Figures compiled in a report commissioned by food safety awareness agency SafeFood found that 21% of total costs of obesity in Northern and the Republic of Ireland were direct. These included hospital in-patient; out-patient; GP and drug costs.
The remainder of the total lifetime costs were indirect and counted absenteeism, premature mortality and lifetime income amongst the losses.
Remarkably, the research estimated that a 1% reduction in body mass index (BMI), would save the country €365m. A 5% reduction would yield a €1.5bn saving.
“The distribution of estimated costs indicate that most of these costs are borne in adulthood rather than childhood,” said research lead Ivan Perry, professor of public health and head of the department of epidemiology and public health at the University College Cork.
“Policy initiatives such as the tax on sugar-sweetened drinks and measures designed to promote walking and cycling among children have the potential to yield substantial savings with a relatively short time.”
The research also estimated the cost per person in the Republic of Ireland at over €16,000 per person. The cost in Northern Ireland was more than €18,000 per person.
Current estimates for the Republic of Ireland class 60% of adults and 25% of children as overweight or obese. In Northern Ireland the overall proportion of children overweight or obese stands at 39.9%.
An impending sugar tax in the Republic, in which sweetened drinks with over 8 g of sugar per 100 ml will carry a 30 cent per litre levy, is expected in April 2018.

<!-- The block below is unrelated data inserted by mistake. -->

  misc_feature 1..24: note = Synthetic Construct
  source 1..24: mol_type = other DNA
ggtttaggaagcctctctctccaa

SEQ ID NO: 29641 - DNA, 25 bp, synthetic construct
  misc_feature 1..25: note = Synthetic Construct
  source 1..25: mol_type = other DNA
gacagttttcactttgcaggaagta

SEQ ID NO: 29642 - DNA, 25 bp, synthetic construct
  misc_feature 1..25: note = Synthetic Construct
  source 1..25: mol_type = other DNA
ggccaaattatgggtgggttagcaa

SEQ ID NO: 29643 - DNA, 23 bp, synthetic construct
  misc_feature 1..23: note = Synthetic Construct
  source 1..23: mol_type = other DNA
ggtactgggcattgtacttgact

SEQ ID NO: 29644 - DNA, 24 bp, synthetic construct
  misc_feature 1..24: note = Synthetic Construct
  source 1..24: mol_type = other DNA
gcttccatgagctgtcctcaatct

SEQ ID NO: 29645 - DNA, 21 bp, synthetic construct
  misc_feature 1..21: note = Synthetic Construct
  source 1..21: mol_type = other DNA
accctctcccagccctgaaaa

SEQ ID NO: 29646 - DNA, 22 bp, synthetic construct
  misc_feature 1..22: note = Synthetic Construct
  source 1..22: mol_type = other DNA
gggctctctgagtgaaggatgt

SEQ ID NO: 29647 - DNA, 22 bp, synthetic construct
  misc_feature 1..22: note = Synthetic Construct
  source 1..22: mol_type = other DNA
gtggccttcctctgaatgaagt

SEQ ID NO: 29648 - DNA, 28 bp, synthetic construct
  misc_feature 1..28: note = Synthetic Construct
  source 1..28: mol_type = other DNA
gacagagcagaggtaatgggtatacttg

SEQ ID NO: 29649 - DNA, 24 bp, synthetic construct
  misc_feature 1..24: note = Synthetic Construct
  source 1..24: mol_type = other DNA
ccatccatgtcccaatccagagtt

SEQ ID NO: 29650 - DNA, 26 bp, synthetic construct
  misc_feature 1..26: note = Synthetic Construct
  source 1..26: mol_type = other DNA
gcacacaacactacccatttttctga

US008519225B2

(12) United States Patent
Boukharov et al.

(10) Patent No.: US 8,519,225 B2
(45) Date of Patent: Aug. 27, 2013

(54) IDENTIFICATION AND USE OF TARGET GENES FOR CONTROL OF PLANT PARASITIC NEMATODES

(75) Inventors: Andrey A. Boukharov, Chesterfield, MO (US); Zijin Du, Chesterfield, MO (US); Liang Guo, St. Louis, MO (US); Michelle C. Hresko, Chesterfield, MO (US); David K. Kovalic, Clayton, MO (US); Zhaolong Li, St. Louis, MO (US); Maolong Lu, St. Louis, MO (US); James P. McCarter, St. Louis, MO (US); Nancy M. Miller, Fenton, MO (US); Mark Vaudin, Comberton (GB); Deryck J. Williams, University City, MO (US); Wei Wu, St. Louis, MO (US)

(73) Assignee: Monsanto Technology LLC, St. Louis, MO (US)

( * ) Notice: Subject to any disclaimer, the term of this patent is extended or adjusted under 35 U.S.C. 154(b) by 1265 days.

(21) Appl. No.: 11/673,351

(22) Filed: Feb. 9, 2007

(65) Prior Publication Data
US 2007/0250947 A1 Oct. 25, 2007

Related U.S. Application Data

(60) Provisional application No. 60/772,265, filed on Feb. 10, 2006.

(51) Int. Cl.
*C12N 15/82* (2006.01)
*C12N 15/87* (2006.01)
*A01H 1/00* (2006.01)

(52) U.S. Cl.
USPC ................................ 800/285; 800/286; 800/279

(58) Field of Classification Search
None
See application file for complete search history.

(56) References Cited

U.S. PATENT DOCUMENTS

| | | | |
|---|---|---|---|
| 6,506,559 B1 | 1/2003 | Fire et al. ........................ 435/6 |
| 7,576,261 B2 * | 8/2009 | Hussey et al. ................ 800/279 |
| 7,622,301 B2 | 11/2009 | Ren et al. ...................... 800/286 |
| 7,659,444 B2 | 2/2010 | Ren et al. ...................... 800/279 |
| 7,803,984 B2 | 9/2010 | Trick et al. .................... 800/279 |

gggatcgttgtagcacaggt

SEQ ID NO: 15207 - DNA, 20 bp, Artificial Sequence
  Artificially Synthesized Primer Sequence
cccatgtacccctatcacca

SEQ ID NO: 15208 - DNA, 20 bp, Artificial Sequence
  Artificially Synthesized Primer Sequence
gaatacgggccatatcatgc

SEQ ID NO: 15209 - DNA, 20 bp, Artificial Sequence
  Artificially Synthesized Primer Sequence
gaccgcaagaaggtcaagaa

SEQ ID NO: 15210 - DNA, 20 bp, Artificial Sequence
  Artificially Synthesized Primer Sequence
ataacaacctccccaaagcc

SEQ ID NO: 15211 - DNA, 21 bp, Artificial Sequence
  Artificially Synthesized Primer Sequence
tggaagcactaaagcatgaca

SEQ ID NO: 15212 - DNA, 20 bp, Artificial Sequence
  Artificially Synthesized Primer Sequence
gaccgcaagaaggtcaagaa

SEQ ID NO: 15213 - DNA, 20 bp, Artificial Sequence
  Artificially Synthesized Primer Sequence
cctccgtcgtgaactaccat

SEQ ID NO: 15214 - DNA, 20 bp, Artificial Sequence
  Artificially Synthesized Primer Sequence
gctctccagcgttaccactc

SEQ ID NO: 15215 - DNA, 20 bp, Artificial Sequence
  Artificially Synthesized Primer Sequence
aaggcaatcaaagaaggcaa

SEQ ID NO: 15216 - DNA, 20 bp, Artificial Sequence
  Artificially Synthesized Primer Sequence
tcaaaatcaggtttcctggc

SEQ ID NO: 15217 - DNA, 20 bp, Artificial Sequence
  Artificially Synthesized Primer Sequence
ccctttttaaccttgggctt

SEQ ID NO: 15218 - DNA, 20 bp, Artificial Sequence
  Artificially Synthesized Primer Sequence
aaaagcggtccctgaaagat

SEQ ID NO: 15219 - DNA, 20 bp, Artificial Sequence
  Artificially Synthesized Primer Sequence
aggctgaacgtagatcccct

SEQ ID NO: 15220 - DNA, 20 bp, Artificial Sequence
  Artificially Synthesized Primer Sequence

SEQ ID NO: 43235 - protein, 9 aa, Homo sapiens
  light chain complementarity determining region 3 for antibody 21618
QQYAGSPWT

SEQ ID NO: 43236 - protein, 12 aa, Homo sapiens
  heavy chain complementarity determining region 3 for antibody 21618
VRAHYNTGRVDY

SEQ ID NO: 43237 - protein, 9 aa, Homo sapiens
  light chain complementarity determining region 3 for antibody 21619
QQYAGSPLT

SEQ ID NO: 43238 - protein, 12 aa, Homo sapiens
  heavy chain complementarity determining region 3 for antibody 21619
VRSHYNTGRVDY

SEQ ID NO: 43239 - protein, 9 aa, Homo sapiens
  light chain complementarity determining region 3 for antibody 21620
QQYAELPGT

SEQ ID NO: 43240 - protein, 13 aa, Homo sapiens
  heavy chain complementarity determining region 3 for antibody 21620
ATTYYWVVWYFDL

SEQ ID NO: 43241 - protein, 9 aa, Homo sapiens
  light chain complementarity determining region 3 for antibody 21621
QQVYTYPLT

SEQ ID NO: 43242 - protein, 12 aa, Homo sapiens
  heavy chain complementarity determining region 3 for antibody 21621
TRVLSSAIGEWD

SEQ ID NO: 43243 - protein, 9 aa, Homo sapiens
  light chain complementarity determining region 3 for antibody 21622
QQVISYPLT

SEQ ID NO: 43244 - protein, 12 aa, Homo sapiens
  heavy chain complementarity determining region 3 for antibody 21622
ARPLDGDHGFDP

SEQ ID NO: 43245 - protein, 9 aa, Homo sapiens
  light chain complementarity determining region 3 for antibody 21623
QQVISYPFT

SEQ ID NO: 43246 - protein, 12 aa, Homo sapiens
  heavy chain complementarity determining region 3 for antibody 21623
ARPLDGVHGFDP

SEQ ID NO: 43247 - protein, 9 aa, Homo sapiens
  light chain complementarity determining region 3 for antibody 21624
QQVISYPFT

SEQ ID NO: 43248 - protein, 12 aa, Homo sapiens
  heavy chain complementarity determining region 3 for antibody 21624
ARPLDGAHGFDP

A reduced rate of 20 cent per litre on drinks with between 5 and 8 g of sugar per 100 ml is also planned.
SafeFood emphasised the human impact of childhood obesity and overweight in the study.
Of particular note is the estimation that over 85,000 children on the island will die prematurely because of childhood obesity and overweight.
SafeFood said that the estimates were conservative as they did not include the psycho-social impacts on schooling, social life and work prospects and monetary value of productivity in older people.
‘One in four children’
“We now have reliable and locally relevant figures for the total lifetime cost of childhood overweight and obesity on the island of Ireland,” said Ray Dolan, chief executive of SafeFood.
“While we acknowledge that these figures don’t reflect the full human and social costs, they show a compelling case for obesity prevention especially given the huge economic burden these costs could place on future generations.”
Dr Cliodhna Foley-Nolan, director of human health and nutrition at SafeFood added that the figures represented one in four overweight or obese children in Ireland.
“70% risk of this tracking into adulthood, this can result in lifelong and inter-generational ill health,” she added.
“Much can and must be done to lessen this otherwise inevitable and unacceptable burden on society and implementing the obesity strategies North and South is the way forward.”